We hear and read about many elements, minerals and vitamins, needed for our bodies to be healthy. What is selenium and why do we need it?
Selenium is a trace element naturally present in many foods, added to others and available as a dietary supplement. This element is essential for human nutrition and is comprised of more than two dozen selenoproteins important for reproduction, thyroid hormone metabolism, DNA synthesis and protection from oxidative damage and infection.1
How Much Do We Need?
The amount of selenium recommended by the US Food and Nutrition Board varies by age and gender and recommends an average daily level sufficient to meet the requirements of nearly all healthy individuals without causing any adverse health effects. Recommendations start with 15 micrograms per day for newborns to 6 months of age, but nursing babies receive an adequate intake through their mother’s milk. From 7 months to 3 years of age 20 micrograms per day is recommended and intake is gradually increased up to age 50 plus to 55 micrograms per day. Pregnant women and nursing mothers require slightly more – 60 to 70 micrograms daily.
Most North American diets contain adequate amounts of selenium. Seafood and organ meats are the richest food sources of selenium. At the top of the selenium rich food list is Brazil nuts. One Brazil nut daily is enough to provide a more than adequate amount of selenium as 1 ounce of Brazil nuts (6 to 8 nuts) contains 544 micrograms. Brazil nuts contain very high amounts of selenium (68–91 mcg per nut) and could cause selenium toxicity if consumed regularly. Yellowfin tuna is next on the list at 92 micrograms per 3 ounce serving, with halibut (47mcg), sardines canned in oil (45mcg), roasted ham (42mcg) and canned shrimp (40mcg) following as the top few food items. Other sources include muscle meats, cereals and grains and dairy products. The amount of selenium in drinking water is not nutritionally significant in most geographic regions. 2,3
Selenium concentration is higher in the thyroid gland than in any other organ in the body. Like iodine, selenium has important functions in thyroid hormone synthesis and metabolism.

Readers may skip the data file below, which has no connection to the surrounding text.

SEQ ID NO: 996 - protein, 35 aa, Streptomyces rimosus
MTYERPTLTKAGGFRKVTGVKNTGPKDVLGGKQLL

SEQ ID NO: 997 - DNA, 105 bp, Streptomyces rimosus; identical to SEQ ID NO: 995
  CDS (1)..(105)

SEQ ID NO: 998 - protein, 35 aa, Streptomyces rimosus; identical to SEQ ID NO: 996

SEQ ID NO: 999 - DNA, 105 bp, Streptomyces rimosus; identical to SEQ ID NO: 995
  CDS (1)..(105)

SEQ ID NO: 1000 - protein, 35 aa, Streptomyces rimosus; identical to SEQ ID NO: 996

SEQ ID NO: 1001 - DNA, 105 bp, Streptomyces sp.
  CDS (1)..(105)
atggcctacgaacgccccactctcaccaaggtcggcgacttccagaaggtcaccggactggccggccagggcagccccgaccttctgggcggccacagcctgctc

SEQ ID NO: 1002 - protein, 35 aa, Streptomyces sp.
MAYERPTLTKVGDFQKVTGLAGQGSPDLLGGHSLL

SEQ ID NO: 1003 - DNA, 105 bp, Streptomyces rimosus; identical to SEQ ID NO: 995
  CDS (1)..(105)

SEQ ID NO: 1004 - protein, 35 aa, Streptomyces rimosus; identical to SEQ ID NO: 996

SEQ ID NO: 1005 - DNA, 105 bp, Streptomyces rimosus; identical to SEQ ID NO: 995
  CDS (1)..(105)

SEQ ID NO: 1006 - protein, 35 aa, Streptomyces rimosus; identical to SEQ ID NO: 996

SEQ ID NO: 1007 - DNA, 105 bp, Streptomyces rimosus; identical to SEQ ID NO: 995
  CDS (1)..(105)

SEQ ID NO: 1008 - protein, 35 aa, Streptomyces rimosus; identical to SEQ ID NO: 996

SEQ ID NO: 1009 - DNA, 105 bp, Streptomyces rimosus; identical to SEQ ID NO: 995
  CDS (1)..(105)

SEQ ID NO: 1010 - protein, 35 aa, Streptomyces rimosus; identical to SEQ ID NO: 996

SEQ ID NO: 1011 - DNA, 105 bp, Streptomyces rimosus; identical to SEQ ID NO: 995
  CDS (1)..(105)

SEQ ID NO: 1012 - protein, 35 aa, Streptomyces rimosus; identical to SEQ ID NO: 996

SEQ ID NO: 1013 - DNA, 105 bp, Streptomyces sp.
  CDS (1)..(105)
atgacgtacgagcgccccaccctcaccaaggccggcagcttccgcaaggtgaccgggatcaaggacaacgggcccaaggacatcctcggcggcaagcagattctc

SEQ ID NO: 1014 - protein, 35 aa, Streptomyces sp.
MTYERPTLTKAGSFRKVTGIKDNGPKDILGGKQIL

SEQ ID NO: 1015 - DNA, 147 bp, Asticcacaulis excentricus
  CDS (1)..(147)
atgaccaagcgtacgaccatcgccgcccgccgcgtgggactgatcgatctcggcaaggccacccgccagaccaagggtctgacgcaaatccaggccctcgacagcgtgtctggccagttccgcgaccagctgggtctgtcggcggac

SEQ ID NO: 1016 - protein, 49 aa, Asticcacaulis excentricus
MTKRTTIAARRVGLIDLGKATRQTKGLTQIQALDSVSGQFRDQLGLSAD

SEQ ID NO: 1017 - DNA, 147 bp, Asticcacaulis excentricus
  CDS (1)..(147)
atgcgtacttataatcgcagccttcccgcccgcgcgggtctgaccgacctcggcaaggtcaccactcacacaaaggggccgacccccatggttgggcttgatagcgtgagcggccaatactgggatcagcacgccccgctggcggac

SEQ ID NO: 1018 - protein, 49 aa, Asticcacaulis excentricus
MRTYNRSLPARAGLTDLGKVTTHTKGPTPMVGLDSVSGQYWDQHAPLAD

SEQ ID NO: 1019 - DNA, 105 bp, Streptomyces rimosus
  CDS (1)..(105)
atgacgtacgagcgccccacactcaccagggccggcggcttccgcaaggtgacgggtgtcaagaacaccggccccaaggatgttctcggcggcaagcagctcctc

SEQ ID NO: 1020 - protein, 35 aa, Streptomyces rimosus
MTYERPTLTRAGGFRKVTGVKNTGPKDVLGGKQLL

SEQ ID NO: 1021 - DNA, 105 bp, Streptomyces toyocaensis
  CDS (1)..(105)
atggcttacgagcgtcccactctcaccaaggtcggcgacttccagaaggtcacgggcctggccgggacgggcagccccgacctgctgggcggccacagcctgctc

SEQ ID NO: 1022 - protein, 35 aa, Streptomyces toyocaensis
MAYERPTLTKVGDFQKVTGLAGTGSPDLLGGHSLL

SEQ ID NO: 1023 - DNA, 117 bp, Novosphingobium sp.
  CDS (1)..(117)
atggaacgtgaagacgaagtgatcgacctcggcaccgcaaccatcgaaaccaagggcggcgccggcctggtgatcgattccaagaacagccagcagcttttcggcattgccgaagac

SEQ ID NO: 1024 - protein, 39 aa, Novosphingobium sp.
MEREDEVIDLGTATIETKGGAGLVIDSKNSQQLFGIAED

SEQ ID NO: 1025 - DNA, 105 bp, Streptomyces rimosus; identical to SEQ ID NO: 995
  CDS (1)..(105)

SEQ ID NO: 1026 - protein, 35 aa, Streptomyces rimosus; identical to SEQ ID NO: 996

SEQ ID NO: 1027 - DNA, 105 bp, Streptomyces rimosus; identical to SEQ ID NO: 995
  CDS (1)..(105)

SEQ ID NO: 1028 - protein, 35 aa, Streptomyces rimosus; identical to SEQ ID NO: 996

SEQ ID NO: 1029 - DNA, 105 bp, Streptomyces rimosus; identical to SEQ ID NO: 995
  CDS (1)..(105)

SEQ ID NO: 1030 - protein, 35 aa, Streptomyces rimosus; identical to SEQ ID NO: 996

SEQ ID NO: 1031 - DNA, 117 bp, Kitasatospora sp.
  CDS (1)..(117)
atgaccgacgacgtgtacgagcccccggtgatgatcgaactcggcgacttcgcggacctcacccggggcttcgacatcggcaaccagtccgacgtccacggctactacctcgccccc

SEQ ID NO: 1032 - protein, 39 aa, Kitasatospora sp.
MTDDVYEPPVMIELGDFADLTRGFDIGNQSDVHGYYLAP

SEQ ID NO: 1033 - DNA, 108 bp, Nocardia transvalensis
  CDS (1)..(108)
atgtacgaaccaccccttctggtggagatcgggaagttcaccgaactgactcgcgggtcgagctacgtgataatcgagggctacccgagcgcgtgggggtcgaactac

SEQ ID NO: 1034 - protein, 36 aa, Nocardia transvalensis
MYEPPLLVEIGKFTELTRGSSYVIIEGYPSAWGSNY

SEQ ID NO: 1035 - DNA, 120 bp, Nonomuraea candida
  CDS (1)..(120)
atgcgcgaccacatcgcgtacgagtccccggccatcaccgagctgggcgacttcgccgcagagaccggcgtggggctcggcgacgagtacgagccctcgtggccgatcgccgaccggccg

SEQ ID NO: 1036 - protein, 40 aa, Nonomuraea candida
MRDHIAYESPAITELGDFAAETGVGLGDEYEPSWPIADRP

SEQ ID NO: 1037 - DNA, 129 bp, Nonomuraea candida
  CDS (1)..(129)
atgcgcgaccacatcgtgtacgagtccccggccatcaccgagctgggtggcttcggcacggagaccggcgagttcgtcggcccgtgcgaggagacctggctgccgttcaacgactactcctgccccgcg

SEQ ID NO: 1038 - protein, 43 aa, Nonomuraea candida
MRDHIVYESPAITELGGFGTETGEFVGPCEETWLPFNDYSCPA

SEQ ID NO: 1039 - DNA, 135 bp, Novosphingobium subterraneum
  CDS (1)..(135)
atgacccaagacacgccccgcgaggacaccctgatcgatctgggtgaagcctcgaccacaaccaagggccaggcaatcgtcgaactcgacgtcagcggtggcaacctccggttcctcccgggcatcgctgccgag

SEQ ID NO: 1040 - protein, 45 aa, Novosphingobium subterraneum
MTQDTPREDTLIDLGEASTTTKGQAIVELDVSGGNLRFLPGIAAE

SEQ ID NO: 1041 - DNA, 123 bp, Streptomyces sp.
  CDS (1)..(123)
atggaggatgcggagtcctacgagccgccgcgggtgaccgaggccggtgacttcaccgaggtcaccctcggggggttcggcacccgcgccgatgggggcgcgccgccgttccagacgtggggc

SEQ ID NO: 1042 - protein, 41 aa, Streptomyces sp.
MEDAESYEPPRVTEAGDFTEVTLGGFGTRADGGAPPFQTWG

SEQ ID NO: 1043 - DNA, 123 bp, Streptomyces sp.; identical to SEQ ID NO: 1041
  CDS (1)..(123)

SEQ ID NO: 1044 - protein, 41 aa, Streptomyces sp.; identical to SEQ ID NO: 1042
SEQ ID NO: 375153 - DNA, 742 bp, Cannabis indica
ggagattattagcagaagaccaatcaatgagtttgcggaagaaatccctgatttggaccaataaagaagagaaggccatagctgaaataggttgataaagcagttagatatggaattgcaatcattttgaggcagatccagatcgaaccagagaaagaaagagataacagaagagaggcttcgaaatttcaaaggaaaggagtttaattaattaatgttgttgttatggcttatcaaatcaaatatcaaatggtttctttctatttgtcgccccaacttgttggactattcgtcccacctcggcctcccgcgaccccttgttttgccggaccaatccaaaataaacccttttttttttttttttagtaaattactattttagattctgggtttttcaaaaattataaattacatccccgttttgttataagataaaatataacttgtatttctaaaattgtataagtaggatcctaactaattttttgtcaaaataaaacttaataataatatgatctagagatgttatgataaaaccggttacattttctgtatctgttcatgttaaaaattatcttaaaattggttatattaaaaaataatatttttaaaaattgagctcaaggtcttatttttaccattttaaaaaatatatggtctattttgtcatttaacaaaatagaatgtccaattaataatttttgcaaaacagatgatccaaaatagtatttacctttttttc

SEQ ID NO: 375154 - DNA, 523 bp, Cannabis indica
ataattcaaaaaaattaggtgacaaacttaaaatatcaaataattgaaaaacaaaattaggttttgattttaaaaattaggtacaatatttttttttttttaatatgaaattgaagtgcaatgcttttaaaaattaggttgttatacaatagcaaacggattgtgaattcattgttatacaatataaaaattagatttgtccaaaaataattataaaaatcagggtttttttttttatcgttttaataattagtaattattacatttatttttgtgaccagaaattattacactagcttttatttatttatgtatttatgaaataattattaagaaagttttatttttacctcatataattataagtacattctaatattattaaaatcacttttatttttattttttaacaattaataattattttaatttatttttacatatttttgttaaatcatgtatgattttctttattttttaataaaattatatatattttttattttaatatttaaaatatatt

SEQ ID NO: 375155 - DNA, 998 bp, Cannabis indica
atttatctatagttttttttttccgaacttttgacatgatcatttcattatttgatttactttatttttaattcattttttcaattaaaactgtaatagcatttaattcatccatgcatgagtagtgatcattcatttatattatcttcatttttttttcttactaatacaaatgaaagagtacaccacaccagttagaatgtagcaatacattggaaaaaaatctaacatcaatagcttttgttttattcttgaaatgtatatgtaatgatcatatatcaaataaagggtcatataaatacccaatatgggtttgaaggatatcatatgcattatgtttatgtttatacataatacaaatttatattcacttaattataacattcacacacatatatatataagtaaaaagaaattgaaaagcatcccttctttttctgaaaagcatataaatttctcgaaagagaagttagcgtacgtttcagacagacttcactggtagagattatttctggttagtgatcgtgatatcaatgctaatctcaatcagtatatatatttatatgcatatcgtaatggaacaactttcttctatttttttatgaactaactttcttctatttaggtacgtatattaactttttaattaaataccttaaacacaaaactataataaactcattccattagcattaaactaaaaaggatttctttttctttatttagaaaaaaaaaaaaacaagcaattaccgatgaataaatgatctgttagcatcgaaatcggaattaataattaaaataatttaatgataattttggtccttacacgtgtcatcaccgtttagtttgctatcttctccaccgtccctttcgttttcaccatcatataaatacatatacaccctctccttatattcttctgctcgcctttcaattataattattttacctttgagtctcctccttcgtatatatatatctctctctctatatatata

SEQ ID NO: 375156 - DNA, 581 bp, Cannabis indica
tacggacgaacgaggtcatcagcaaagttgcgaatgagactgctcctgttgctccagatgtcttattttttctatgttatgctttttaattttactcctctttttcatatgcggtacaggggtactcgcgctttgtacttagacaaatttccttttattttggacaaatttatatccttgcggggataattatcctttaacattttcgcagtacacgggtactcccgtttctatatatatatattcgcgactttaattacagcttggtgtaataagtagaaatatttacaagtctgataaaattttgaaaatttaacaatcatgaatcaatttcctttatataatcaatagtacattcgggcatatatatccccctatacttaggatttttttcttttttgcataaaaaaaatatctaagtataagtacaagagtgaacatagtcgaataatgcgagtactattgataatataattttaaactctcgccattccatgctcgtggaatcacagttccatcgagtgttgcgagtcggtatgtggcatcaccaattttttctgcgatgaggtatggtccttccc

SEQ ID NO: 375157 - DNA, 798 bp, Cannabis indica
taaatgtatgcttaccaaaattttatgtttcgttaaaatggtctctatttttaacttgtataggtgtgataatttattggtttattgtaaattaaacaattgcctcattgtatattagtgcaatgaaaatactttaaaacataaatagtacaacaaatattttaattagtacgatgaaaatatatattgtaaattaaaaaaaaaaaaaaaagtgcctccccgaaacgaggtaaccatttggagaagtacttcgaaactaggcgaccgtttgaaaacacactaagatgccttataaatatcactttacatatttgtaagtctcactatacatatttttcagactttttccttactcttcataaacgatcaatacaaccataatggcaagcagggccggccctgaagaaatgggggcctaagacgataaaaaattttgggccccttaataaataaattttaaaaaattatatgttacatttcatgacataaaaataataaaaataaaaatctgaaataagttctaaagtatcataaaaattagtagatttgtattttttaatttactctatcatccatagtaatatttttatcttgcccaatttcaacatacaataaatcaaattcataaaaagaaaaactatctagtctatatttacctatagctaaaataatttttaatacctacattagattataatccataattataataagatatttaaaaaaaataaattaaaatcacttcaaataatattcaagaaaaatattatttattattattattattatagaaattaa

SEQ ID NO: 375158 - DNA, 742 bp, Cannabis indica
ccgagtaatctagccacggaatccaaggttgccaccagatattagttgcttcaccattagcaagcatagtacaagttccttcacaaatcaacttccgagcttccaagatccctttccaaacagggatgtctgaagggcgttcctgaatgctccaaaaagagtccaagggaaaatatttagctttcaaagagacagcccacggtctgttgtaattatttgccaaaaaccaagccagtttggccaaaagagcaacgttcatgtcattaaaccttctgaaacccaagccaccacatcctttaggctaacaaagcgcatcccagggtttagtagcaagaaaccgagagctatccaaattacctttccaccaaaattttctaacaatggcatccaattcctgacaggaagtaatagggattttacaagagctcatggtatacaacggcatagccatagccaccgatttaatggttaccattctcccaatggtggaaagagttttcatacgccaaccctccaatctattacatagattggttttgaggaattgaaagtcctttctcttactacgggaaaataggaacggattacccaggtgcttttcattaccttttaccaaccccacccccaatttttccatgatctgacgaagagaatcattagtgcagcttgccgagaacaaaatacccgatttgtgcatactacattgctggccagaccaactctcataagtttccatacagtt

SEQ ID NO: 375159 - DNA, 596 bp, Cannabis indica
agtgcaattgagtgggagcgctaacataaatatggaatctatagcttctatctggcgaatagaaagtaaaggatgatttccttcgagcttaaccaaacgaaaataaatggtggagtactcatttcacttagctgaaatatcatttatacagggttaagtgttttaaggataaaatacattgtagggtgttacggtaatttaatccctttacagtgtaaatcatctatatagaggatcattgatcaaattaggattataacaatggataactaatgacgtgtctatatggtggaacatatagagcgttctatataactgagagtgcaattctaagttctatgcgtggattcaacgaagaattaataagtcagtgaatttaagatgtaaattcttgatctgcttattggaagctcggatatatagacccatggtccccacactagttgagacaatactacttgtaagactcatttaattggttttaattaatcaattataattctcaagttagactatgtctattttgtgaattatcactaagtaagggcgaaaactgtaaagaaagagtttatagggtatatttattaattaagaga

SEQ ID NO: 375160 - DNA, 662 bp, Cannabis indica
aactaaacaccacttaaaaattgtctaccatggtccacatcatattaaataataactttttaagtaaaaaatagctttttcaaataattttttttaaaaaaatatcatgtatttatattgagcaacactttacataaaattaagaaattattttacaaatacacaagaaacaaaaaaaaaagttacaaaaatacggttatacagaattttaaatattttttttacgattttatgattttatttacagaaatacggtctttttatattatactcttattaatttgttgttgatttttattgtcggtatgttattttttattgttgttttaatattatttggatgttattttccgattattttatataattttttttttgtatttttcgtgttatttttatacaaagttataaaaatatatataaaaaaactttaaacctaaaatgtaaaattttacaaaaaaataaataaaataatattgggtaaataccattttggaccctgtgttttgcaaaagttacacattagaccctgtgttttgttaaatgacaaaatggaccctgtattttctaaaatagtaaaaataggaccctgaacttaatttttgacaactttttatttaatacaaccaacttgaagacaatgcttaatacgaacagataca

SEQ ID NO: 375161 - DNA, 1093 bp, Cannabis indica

Some experts have suggested that selenium could reduce the risk of cardiovascular disease as it would appear to reduce inflammation and prevent blood platelets from clumping together. Conflicting data from other studies have found the opposite so further studies are ongoing.
Because of its effects on DNA repair, apoptosis (normal death of cells) and the endocrine and immune systems, as well as other mechanisms, including its antioxidant properties, selenium might play a role in the prevention of cancer.4
As selenium concentrations decline with age, marginal or deficient selenium concentrations might be associated with age-related declines in brain function, possibly due to decreases in selenium’s antioxidant activity.5
Selenium deficiencies are uncommon among healthy people, but some health conditions – such as HIV, Crohn’s disease and others – are associated with low selenium levels. People who are fed intravenously are also at risk for low selenium and in some cases those who are on kidney dialysis. Health practitioners sometimes suggest that people with these conditions use selenium supplements.
Health Risks from Excessive Selenium:
Continual use of either organic or inorganic forms of selenium have similar effects. Early indicators of excess intake are a garlic odor in the breath and a metallic taste in the mouth. Common signs of chronically high selenium intakes, or selenosis, are hair and nail loss or brittleness. Other symptoms include lesions of the skin and nervous system, nausea, diarrhea, skin rashes, mottled teeth, fatigue, irritability and nervous system abnormalities.
It is imperative to be watchful for over-the-counter products containing very large amounts of selenium as it can cause gastrointestinal and neurological problems, respiratory distress, muscle tenderness, tremors, lightheadedness, kidney and cardiac failure and in rare cases even death.
A healthy body also includes a healthy spine, which in turn means a healthy nervous system, muscles, tendons and organs. Regular check-ups by your chiropractor should always be a part of your wellness regime.
- de RA. Selenium. In: Ross AC, Caballero B, Cousins RJ, Tucker KL, Ziegler TR, eds. Modern Nutrition in Health and Disease.11th ed. Philadelphia, PA: Lippincott Williams & Wilkins; 2012:225-37
- Sunde RA. Selenium. In: Bowman B, Russell R, eds. Present Knowledge in Nutrition. 9th ed. Washington, DC: International Life Sciences Institute; 2006:480-97
- Institute of Medicine, Food and Nutrition Board. Dietary Reference Intakes: Vitamin C, Vitamin E, Selenium, and Carotenoids. National Academy Press, Washington, DC, 2000.
- Rayman MP. Selenium and human health. Lancet 2012;379:1256-68. [PubMed abstract]
- Akbaraly TN, Hininger-Favier I, Carriere I, Arnaud J, Gourlet V, Roussel AM, et al. Plasma selenium over time and cognitive decline in the elderly. Epidemiology 2007;18:52-8. [PubMed abstract]